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Gulfport Residents Come With Questions
Fran Doran from Salem, Iowa was in the middle of a catch 22 situation after the big flood of 2008. Her father who was a Gulfport resident, died May 1st, the flood came June 17th while she was dealing with her dad's death, the estate and her inheritance. Then she got laid off of work in July.
She was told to file under herself, not the estate of her father, Amendo Villarreal', but then was told that since she hadn't moved into the house yet, she didn't qualify. She couldn't afford rent, she couldn't get any kind of job, so she took her only option and went back to school.
"I am majoring in psychology to help others go through situations like this," she said.
But for now, she is homeless seeking some agency that might help her with her losses.
There are many heart-rendering stories such as Fran's of frustrated and emotional individuals who gathered inside the Gulfport Fire Station Monday morning in hopes to learn of more information that might give them answers.
There was Congressman Phil Hare who seemed like the lone representative constantly carrying the torch back to his peers in Washington of the plight of his people and the many others who have suffered from flooding along the Mississippi River.
Over and over, he said, "We will not forget you" and he ended his visit to those gathered saying "This is only the beginning" promising them that he will continue his fight for a 500 year levee.
The 500 year levee is a 6 billion dollar process along the entire Mississippi River where flooding is an issue, but it only makes sense, Hare said.
As he debates with his Congressional peers, Hare tells them that spending billions in clean-up costs more in the long run than it would if government would seek preventive measures.
The flood cost to the government for the ruin of homes, businesses, roads, is too great not to seek a preventative solution, not to say the emotional effect is has had in stress to residents, businesses, volunteers and the whole community.
In introducing agency officials to those gathered, Congressman Hare said they were the best in the state and good people who are working to help them in these flood recovery efforts.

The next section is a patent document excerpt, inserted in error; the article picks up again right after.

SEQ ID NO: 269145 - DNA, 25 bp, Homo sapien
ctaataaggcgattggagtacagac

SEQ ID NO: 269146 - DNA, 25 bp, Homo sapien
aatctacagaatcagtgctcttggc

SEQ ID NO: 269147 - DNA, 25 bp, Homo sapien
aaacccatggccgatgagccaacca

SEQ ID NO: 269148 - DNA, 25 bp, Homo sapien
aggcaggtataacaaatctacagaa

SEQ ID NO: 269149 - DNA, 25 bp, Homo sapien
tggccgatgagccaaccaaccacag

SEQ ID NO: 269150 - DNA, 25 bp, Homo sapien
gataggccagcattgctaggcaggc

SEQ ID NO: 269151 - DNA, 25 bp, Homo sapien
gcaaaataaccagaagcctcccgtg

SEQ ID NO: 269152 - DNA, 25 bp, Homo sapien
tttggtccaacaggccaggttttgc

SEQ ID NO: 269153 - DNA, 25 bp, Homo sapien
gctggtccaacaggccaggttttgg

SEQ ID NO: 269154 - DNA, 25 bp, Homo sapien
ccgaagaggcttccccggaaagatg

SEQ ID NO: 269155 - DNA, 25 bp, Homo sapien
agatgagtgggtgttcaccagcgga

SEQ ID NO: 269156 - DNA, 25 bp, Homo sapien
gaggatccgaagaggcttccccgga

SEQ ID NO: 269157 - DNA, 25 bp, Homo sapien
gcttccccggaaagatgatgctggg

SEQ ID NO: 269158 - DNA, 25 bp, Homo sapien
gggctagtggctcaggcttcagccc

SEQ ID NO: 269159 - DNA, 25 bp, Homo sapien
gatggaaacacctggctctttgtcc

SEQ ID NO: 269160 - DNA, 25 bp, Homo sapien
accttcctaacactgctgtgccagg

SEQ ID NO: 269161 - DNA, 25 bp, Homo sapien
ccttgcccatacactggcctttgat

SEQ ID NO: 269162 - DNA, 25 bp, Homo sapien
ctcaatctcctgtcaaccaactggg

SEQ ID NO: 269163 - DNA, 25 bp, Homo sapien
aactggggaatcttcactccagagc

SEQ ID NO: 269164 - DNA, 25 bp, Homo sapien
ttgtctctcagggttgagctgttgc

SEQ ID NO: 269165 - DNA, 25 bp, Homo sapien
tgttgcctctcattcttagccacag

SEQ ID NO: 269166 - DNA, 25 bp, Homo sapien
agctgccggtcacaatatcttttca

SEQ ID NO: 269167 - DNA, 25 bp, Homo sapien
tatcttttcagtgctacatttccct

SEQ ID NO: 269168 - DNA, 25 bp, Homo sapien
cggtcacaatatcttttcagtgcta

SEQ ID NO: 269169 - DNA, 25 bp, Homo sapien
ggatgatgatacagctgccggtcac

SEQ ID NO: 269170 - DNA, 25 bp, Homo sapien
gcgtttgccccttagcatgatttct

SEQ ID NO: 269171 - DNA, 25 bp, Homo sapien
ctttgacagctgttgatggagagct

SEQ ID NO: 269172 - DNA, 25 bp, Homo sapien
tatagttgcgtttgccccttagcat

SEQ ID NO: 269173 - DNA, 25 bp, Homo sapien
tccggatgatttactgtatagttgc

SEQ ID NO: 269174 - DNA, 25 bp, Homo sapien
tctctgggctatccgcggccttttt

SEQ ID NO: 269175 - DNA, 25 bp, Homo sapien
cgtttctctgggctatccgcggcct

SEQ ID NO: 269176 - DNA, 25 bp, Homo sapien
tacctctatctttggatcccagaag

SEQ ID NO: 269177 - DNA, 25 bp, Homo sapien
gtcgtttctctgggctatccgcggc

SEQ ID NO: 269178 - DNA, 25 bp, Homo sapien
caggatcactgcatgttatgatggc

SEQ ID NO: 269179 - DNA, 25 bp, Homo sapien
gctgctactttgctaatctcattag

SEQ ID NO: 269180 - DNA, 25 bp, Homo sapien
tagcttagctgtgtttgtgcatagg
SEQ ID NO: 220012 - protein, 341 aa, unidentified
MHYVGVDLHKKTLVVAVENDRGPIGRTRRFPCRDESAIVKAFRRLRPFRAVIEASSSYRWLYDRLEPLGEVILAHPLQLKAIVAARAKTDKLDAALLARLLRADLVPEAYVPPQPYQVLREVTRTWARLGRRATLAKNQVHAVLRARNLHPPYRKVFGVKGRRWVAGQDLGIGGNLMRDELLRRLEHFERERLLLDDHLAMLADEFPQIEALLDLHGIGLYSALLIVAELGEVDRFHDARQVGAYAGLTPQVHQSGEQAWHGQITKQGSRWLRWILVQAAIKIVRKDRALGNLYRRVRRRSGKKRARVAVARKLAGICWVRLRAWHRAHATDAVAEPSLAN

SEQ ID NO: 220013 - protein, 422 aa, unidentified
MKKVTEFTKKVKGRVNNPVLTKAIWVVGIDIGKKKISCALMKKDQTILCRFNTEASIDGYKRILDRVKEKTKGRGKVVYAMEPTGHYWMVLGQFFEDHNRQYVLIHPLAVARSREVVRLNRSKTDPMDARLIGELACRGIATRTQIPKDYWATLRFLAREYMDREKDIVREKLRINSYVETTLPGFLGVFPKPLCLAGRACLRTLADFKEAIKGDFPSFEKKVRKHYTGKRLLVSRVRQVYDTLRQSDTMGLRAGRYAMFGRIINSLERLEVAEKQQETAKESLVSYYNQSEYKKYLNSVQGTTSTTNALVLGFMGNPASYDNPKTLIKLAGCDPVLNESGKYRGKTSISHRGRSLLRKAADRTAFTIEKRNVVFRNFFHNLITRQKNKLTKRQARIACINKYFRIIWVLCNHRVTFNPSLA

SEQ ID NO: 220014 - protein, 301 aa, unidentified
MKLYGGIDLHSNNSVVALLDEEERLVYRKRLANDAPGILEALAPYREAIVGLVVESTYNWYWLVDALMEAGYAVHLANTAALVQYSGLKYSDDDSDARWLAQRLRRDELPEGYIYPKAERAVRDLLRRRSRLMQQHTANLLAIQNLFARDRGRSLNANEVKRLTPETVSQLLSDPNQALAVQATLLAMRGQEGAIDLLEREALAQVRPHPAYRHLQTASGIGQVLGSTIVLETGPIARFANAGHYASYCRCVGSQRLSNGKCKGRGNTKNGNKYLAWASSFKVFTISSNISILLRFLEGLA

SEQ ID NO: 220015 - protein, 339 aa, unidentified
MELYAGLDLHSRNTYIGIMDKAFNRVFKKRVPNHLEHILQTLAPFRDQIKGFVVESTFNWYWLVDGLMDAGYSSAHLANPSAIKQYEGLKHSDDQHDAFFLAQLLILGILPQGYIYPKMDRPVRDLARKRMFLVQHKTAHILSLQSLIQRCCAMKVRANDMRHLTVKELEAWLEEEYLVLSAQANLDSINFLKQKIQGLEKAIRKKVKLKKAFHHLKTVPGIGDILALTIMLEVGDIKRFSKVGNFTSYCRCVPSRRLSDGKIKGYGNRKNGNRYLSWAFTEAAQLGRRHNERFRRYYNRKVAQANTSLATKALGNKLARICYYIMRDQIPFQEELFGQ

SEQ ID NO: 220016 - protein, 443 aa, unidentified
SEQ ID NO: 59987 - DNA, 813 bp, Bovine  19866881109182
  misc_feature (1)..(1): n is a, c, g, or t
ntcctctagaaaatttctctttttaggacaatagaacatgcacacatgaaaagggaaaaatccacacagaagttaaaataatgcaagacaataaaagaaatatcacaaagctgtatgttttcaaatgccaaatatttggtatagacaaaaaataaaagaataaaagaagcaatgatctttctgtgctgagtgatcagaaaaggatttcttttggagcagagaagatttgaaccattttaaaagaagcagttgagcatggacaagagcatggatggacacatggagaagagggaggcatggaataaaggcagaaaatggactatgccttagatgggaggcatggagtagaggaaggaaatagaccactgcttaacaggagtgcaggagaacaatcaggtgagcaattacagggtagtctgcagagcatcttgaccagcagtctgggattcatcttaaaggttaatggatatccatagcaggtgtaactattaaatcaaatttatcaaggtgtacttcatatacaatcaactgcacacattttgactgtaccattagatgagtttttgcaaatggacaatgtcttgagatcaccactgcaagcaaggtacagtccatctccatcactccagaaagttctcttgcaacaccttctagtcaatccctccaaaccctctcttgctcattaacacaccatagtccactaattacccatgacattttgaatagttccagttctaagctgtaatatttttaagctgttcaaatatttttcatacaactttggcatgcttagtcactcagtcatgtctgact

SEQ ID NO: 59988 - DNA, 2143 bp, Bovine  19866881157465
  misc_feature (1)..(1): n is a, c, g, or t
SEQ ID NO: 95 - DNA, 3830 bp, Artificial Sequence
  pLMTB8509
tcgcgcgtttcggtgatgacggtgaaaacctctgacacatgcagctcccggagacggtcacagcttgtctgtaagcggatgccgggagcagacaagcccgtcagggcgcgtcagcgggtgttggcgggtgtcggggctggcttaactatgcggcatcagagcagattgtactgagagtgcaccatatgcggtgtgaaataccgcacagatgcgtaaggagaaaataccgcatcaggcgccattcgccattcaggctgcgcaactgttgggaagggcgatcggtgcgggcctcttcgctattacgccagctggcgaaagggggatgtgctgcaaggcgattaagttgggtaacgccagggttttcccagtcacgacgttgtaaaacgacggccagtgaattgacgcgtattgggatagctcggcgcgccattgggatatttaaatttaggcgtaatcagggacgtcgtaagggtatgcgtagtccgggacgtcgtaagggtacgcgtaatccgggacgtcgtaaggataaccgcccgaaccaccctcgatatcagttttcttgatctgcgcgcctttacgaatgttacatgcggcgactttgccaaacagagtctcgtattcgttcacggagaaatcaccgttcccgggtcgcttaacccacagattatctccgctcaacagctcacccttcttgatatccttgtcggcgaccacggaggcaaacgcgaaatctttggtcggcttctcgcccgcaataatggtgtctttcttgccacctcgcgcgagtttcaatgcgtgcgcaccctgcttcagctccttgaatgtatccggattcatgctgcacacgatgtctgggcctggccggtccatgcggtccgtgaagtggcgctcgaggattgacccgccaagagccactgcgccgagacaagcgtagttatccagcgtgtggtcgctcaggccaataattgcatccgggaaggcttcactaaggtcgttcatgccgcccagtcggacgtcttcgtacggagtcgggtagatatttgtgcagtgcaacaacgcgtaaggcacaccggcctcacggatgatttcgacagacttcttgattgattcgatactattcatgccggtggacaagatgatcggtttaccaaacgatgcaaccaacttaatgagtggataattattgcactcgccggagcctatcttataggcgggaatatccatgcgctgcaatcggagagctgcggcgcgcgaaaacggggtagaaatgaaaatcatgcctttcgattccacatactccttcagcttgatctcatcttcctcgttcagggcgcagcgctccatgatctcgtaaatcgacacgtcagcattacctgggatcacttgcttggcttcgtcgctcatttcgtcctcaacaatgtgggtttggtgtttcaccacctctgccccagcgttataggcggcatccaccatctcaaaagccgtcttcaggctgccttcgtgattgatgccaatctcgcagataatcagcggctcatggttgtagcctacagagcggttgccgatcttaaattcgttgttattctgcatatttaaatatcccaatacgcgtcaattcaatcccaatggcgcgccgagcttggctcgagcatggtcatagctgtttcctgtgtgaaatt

Hare also reminded residents that they are restricted by the law in what they can do and said legislators need to implement new legislation to help with some of the problems.
When he returns to his office, he said he will also look at different routes where they might be able to accomplish some of the concerns of the residents of the community.
Hare said, "It is heartbreaking when you drive through here," and said he carries the letters people have sent to him, and has shared them with others
Chief of Staff, national director of FEMA come in, aids that come in, this is not Forgothonia, and that is not the case, I am not going to forget you. Some others things we are going to try to do on the house side is the members along the Mississippi are going to try to work together and put some strength in numbers and try to get some additional funding.
The Congressman thanked all the representatives from the different agencies who came and told residents we will see where you are at and where we need to go.
Director Velasquez from The Illinois Emergency Management Agency (IEMA) assured that he and staff, Sue Coers, Region II Coordinator, hire individuals who live within the state so they will be able to assist throughout the state.
Velasquez said that the June flood waters that devastated Gulfport terrifically had impacted a 280 mile stretch along the Mississippi River impacting multi-states. Right after flooding, IEMA were aggressive and received Federal aid in Henderson County alone just over $2 million to help out the individuals that were impacted here.
He said they also have representation here from other state agencies such as the Illinois Department of Human Services, as well as Josh Ragar IL Dept. of Commerce and Economic Opportunity (ECEO).
Other state agencies - long term - recovery council came to speak to those issues and announced they have received grant money to establish long term recovery - grant nearly million in addition to the former grant of $2.1 million, DCO is also working aggressively to get grant funding for Henderson County as well.
We know there are some real critical decisions that have to be made. For instance levee certification vs. homeowner buy-outs. We will provide you with as much information as we can, but ultimately, it is a local decision that has to be made. I trust the county board and local engineers will make the decisions that need to be made.
Army Corp of Engineers are here to help answer questions on the recertification program and the levees. I can assure you we will continue to do all we can do to help you recover from this disaster...
We are talking to Mr. Cavanaugh, Mr. Lafary, and other officials to continue to find answers.
Last year we experienced 80 counties that were disaster areas in the state of Illinois. That was a record, he said, and we have dealt with every kind of disaster imaginable," but again, Velasquez said they will assure you that it doesn't mean you will not be watched after. He said they have been keeping in touch with county officials on a regular basis and will continue to do so during this recover process.
The crowd was able to ask many questions of concern from levee certification to cleaning out drainage ditches to additional help for funding.
Congressman Phil Hare (left) assures residents this is not another Forgothonia. "I am not going to forget you." Hare's seated by IEMA Director.